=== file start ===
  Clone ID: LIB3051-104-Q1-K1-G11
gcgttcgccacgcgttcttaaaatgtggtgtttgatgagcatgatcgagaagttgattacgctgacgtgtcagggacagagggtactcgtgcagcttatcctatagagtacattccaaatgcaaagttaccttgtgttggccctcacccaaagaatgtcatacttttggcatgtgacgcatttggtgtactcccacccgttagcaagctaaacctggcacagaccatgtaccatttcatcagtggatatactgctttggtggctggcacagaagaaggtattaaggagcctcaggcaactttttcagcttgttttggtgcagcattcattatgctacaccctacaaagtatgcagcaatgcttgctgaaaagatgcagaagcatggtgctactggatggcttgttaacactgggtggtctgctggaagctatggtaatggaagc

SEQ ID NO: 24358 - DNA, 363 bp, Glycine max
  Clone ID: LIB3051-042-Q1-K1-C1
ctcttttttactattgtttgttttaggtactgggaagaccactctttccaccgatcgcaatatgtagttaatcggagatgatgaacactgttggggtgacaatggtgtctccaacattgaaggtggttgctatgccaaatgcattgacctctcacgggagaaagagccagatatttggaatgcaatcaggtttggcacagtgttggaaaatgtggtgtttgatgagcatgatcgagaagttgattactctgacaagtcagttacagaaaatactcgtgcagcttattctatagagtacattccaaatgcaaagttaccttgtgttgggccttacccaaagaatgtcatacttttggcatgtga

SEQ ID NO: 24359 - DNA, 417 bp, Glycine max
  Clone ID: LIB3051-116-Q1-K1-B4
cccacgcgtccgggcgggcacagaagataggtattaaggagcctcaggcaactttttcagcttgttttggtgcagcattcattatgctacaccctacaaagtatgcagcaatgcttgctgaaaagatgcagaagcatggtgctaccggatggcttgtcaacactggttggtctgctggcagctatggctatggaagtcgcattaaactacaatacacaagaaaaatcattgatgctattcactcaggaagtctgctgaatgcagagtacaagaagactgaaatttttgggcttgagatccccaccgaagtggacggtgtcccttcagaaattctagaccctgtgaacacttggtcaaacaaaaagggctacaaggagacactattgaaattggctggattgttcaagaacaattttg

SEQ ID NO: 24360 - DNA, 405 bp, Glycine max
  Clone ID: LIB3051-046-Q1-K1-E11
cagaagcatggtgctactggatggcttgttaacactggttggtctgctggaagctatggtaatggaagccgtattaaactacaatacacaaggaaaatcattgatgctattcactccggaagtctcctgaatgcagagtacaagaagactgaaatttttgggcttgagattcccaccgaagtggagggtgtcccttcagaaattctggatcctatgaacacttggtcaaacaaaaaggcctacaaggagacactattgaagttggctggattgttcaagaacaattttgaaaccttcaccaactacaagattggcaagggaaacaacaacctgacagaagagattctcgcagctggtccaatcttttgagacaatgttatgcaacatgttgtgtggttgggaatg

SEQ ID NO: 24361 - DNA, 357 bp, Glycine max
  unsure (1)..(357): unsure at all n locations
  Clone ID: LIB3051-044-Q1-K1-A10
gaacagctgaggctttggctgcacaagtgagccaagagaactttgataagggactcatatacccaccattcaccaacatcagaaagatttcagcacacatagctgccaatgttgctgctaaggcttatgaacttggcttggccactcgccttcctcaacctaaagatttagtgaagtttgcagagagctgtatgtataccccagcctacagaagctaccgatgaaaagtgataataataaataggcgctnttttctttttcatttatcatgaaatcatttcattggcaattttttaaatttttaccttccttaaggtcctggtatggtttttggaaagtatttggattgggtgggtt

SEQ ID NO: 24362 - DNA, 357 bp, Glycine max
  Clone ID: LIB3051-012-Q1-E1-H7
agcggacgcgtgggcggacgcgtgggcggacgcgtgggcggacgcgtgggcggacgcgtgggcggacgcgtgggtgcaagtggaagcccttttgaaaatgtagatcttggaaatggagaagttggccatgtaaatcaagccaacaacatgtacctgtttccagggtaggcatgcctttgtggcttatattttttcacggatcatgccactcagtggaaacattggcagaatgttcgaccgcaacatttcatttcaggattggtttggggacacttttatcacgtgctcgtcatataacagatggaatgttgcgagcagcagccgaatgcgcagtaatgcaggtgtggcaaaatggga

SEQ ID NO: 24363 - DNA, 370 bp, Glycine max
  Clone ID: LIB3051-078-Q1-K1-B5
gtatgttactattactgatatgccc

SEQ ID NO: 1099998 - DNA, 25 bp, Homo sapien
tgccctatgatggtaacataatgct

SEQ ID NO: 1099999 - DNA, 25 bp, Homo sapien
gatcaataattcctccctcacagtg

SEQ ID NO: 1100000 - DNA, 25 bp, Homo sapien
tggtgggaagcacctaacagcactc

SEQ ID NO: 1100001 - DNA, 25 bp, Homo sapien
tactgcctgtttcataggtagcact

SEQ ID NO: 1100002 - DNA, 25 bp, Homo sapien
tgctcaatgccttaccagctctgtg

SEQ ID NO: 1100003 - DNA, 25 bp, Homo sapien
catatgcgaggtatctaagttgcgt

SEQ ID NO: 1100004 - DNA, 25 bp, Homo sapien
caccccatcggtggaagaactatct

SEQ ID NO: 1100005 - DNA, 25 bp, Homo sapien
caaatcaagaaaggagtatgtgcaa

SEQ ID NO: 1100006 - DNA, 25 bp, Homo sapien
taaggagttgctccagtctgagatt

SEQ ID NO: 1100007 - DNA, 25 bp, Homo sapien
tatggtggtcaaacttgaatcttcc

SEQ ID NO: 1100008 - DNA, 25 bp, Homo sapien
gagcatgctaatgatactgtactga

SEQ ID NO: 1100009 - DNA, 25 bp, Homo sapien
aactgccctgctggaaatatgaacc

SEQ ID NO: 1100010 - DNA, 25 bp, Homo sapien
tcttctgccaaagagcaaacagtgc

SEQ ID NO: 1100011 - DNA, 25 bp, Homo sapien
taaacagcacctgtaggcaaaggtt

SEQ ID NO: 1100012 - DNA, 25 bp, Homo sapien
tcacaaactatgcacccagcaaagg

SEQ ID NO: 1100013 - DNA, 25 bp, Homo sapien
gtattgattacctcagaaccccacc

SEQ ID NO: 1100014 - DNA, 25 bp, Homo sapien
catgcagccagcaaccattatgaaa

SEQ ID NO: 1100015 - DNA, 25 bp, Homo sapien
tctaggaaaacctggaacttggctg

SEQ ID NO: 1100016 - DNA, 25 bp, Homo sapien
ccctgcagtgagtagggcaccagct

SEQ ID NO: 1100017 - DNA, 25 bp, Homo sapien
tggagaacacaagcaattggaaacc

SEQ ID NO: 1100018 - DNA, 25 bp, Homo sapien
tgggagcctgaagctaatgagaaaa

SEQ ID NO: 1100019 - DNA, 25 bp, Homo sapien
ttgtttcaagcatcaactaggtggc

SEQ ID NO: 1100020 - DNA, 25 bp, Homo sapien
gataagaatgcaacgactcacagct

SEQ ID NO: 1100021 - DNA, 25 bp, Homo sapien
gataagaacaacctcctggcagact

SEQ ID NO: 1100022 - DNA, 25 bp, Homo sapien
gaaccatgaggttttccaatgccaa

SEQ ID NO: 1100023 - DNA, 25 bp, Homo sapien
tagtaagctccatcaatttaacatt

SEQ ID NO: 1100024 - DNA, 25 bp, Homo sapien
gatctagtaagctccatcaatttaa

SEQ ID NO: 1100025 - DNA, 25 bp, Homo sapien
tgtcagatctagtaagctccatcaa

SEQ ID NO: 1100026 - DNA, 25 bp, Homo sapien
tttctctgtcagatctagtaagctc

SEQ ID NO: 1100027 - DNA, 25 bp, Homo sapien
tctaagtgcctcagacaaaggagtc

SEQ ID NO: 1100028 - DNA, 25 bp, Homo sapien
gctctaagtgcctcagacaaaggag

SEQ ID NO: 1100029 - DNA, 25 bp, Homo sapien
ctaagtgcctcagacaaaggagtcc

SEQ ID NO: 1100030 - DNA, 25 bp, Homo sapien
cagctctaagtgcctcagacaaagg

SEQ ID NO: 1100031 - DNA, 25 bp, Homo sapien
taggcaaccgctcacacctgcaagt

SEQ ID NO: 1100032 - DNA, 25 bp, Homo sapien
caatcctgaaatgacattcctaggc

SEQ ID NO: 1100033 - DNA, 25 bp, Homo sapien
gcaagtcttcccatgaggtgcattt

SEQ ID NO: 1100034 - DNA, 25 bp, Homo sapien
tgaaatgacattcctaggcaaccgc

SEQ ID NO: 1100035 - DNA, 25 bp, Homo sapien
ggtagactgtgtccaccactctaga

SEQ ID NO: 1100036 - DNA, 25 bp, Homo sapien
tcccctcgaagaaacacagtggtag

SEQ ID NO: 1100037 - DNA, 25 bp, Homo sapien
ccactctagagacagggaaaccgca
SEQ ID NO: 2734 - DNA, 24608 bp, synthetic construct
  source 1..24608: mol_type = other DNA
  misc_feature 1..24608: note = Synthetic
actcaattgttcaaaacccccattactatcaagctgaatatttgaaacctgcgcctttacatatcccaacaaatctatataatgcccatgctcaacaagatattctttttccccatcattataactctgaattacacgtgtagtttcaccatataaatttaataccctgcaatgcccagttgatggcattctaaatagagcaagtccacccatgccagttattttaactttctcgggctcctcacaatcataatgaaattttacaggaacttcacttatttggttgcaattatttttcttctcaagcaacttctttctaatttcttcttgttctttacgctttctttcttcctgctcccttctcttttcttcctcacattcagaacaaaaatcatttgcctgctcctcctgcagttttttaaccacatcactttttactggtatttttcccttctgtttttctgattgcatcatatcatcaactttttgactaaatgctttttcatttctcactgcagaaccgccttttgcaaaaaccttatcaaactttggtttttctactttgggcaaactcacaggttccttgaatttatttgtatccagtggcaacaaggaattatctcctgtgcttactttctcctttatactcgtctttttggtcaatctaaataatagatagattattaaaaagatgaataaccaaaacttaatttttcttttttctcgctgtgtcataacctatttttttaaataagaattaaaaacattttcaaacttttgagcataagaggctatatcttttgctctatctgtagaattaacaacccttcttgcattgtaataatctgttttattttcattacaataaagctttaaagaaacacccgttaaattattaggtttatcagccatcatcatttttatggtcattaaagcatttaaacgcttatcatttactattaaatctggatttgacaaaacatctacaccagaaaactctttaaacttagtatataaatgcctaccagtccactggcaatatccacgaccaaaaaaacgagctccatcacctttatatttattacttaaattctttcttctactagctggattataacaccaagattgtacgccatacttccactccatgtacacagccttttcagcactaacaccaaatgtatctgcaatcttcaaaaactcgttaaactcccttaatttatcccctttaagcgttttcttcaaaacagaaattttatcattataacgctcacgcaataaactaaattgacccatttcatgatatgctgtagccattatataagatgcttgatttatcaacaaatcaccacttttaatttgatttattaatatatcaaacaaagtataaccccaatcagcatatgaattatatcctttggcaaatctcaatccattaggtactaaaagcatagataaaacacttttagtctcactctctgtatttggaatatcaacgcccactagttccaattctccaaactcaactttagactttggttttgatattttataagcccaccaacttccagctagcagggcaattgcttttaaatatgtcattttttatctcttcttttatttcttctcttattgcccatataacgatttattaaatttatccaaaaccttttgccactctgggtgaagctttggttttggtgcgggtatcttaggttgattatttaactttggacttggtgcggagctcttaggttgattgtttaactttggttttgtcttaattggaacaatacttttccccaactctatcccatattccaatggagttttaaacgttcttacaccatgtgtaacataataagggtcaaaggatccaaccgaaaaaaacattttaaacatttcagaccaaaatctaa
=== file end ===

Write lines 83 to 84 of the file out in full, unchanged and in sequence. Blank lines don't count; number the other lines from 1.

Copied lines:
gctctaagtgcctcagacaaaggag

SEQ ID NO: 1100029 - DNA, 25 bp, Homo sapien